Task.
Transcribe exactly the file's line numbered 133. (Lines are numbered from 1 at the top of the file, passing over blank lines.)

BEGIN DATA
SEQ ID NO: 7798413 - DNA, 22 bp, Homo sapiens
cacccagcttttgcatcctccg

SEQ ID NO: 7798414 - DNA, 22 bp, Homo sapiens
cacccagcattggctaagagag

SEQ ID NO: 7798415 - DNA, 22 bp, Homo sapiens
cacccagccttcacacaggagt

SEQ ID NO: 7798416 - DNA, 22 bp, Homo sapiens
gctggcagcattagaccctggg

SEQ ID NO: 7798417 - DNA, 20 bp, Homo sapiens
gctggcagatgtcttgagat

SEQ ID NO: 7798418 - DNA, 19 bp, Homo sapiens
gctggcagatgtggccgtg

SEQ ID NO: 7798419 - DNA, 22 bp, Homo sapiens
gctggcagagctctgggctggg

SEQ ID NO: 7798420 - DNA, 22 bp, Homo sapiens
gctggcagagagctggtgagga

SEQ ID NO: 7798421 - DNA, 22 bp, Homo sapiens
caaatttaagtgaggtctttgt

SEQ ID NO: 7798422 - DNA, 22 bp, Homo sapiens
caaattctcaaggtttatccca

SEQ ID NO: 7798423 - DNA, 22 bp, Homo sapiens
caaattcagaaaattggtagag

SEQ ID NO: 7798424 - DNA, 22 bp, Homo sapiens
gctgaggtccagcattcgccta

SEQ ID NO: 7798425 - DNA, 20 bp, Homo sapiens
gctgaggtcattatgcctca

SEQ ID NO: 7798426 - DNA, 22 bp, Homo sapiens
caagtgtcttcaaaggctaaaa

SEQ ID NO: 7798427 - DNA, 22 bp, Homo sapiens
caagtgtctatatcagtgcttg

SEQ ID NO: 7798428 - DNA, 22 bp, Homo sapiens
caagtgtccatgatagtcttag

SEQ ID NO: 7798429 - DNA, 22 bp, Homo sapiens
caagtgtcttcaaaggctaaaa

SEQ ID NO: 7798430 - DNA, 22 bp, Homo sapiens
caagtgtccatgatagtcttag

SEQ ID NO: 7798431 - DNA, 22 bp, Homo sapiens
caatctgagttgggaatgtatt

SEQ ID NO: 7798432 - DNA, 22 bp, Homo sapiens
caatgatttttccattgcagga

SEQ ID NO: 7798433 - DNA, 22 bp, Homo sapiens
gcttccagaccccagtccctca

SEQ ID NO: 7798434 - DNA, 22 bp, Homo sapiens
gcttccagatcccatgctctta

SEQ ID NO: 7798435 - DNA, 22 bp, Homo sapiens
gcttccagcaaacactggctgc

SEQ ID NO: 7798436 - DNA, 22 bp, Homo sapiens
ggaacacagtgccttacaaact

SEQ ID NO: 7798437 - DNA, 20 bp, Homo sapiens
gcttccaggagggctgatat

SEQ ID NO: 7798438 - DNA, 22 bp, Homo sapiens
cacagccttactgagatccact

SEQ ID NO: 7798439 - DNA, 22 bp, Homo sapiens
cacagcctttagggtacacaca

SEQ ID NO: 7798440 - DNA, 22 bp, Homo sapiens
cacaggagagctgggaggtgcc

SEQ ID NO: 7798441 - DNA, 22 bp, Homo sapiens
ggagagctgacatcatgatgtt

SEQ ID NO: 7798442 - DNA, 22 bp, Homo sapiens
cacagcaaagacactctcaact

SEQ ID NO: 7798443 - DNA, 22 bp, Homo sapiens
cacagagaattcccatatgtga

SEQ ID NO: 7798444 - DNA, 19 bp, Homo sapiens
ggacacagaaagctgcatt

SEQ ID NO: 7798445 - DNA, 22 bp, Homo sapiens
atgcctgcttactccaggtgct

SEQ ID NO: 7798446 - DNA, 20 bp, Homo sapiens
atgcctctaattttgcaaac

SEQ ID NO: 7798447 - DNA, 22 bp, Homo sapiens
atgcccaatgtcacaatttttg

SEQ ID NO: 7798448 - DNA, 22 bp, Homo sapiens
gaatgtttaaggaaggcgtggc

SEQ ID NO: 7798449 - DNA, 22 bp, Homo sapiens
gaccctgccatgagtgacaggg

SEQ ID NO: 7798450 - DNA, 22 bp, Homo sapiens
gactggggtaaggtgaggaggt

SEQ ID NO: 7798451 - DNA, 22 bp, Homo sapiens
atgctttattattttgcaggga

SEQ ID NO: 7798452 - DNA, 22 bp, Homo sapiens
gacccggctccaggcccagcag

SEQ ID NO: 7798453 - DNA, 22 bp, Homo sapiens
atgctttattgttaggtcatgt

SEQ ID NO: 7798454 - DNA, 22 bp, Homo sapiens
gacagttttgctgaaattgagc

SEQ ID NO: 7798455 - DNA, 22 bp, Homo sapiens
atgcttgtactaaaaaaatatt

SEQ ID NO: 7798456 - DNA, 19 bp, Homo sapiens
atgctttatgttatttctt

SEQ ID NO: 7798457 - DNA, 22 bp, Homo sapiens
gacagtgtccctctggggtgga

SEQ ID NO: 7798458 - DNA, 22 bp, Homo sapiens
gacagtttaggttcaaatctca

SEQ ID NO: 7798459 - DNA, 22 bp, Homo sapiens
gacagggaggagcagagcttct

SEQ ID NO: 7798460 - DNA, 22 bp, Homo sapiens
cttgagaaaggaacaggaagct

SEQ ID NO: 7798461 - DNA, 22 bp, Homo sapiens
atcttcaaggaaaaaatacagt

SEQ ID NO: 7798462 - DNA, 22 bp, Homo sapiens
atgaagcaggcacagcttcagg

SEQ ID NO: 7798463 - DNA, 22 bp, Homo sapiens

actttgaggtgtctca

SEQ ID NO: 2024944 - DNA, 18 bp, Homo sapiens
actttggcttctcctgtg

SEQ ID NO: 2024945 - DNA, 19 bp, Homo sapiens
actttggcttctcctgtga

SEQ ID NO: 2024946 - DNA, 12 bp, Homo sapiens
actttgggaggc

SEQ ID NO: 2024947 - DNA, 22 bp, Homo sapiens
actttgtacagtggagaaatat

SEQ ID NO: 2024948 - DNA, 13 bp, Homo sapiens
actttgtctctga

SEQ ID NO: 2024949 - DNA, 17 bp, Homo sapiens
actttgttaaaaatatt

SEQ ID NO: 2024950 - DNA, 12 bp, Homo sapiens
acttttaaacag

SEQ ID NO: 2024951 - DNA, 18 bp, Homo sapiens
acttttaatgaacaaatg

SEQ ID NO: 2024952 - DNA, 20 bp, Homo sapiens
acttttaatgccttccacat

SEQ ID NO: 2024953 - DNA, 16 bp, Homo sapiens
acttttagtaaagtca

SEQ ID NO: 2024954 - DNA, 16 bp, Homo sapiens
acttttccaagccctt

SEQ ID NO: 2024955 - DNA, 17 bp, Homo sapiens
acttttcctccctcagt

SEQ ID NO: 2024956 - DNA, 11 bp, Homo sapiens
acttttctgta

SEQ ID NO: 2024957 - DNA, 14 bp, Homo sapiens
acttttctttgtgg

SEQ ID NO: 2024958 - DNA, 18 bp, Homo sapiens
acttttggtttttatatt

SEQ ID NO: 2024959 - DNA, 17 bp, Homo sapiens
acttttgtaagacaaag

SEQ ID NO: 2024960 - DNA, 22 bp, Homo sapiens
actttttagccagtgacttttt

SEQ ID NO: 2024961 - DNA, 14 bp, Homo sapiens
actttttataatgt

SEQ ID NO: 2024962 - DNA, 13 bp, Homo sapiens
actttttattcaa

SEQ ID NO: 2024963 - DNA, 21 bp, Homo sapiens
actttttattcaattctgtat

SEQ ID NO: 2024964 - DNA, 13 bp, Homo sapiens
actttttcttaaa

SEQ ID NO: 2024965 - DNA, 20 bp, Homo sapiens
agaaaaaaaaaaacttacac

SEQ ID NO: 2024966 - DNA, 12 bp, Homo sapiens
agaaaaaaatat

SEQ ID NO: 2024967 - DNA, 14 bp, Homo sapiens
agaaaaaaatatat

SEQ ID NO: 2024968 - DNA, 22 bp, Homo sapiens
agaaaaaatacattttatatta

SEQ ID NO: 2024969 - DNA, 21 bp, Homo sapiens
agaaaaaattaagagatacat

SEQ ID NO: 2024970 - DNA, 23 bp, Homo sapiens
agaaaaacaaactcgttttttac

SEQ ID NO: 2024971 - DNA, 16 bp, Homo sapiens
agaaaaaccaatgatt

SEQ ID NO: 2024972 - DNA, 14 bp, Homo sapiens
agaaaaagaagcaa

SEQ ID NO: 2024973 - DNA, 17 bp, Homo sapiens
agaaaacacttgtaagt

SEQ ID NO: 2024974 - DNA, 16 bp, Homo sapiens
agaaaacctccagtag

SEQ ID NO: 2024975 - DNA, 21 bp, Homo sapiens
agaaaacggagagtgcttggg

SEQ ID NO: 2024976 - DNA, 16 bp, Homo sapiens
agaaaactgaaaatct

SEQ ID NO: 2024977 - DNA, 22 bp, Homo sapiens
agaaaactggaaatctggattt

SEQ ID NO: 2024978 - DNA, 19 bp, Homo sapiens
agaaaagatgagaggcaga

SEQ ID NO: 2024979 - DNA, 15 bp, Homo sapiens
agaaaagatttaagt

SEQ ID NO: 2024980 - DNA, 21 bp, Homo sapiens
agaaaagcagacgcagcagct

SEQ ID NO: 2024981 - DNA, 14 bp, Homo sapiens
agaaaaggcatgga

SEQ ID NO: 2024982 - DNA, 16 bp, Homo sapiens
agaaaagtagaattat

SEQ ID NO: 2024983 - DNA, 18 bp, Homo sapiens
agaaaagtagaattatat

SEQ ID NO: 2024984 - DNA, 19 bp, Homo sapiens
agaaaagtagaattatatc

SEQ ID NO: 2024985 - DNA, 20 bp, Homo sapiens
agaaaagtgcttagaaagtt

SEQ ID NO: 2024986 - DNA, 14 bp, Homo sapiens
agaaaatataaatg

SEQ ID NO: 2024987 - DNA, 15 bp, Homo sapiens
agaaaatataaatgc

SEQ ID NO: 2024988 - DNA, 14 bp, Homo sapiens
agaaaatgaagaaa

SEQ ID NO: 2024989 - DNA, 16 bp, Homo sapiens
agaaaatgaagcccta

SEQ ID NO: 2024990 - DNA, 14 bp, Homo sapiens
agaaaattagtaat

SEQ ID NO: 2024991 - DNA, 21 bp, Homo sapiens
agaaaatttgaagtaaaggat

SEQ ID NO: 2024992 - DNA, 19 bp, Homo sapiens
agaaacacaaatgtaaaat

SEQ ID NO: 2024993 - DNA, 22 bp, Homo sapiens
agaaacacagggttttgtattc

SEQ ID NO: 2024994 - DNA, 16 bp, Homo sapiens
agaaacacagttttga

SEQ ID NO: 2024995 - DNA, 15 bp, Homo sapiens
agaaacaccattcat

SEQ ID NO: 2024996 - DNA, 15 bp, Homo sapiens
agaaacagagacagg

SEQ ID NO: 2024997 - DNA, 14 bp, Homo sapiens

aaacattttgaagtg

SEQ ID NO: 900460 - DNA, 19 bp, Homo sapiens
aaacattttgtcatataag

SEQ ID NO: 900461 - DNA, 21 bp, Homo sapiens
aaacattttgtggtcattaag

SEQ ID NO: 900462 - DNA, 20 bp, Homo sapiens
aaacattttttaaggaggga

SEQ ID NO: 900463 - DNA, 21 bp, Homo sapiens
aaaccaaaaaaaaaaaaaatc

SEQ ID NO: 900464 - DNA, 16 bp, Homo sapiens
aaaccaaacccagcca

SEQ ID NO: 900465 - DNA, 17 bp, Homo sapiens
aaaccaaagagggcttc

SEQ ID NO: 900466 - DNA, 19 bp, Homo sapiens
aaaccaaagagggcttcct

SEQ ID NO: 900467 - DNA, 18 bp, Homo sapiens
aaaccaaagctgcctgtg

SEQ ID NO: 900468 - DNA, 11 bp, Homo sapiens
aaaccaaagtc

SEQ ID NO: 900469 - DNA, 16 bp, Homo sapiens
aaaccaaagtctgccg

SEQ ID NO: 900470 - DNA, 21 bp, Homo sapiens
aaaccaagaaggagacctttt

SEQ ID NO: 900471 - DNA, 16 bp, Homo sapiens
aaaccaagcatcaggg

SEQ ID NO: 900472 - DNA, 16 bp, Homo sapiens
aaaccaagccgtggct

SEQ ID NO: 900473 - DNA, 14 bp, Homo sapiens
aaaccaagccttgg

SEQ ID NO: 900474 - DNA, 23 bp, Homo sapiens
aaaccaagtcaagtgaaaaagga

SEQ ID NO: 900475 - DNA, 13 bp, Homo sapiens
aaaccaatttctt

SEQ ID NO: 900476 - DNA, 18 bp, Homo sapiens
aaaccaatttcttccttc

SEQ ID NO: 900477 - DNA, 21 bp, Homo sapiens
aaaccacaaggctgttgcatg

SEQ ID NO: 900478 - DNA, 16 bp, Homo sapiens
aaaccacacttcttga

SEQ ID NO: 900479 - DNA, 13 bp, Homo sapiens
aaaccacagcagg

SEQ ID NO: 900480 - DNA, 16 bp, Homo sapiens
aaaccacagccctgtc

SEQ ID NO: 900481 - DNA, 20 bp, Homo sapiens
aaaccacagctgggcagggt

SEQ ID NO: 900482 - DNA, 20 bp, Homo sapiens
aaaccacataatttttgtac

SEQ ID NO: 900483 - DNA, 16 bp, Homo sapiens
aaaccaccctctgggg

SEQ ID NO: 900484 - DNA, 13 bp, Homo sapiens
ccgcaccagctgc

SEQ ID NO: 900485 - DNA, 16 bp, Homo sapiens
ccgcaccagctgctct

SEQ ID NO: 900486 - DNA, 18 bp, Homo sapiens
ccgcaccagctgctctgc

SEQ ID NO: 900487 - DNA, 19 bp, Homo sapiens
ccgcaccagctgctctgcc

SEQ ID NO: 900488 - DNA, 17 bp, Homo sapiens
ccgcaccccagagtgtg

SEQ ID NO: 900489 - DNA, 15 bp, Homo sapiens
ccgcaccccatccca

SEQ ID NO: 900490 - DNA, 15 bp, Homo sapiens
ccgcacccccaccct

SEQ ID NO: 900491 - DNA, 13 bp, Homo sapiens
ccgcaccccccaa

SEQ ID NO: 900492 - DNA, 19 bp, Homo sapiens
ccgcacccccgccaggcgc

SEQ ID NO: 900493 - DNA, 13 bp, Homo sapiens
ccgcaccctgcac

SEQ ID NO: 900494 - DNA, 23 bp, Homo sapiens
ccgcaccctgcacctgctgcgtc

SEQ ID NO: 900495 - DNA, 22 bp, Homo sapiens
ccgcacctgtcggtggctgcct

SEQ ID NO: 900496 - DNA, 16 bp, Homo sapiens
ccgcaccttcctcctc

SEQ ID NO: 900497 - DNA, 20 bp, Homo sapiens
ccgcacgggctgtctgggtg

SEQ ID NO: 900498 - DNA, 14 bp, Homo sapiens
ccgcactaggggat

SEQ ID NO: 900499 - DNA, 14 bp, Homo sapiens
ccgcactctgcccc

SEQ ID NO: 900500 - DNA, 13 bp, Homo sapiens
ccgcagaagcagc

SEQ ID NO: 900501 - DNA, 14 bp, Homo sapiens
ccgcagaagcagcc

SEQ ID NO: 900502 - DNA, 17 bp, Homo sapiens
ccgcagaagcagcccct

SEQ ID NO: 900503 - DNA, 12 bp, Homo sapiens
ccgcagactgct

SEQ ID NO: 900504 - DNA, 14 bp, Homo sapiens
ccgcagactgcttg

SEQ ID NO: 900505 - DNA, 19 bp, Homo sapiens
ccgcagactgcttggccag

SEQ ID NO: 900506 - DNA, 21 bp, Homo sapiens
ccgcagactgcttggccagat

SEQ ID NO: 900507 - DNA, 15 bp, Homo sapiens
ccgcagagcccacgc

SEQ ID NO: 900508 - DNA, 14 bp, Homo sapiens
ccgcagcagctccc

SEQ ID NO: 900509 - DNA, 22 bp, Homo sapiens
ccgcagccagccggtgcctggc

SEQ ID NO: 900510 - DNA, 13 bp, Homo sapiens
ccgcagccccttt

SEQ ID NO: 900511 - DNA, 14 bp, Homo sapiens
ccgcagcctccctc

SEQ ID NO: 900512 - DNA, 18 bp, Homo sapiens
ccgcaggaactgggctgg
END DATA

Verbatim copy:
SEQ ID NO: 2024959 - DNA, 17 bp, Homo sapiens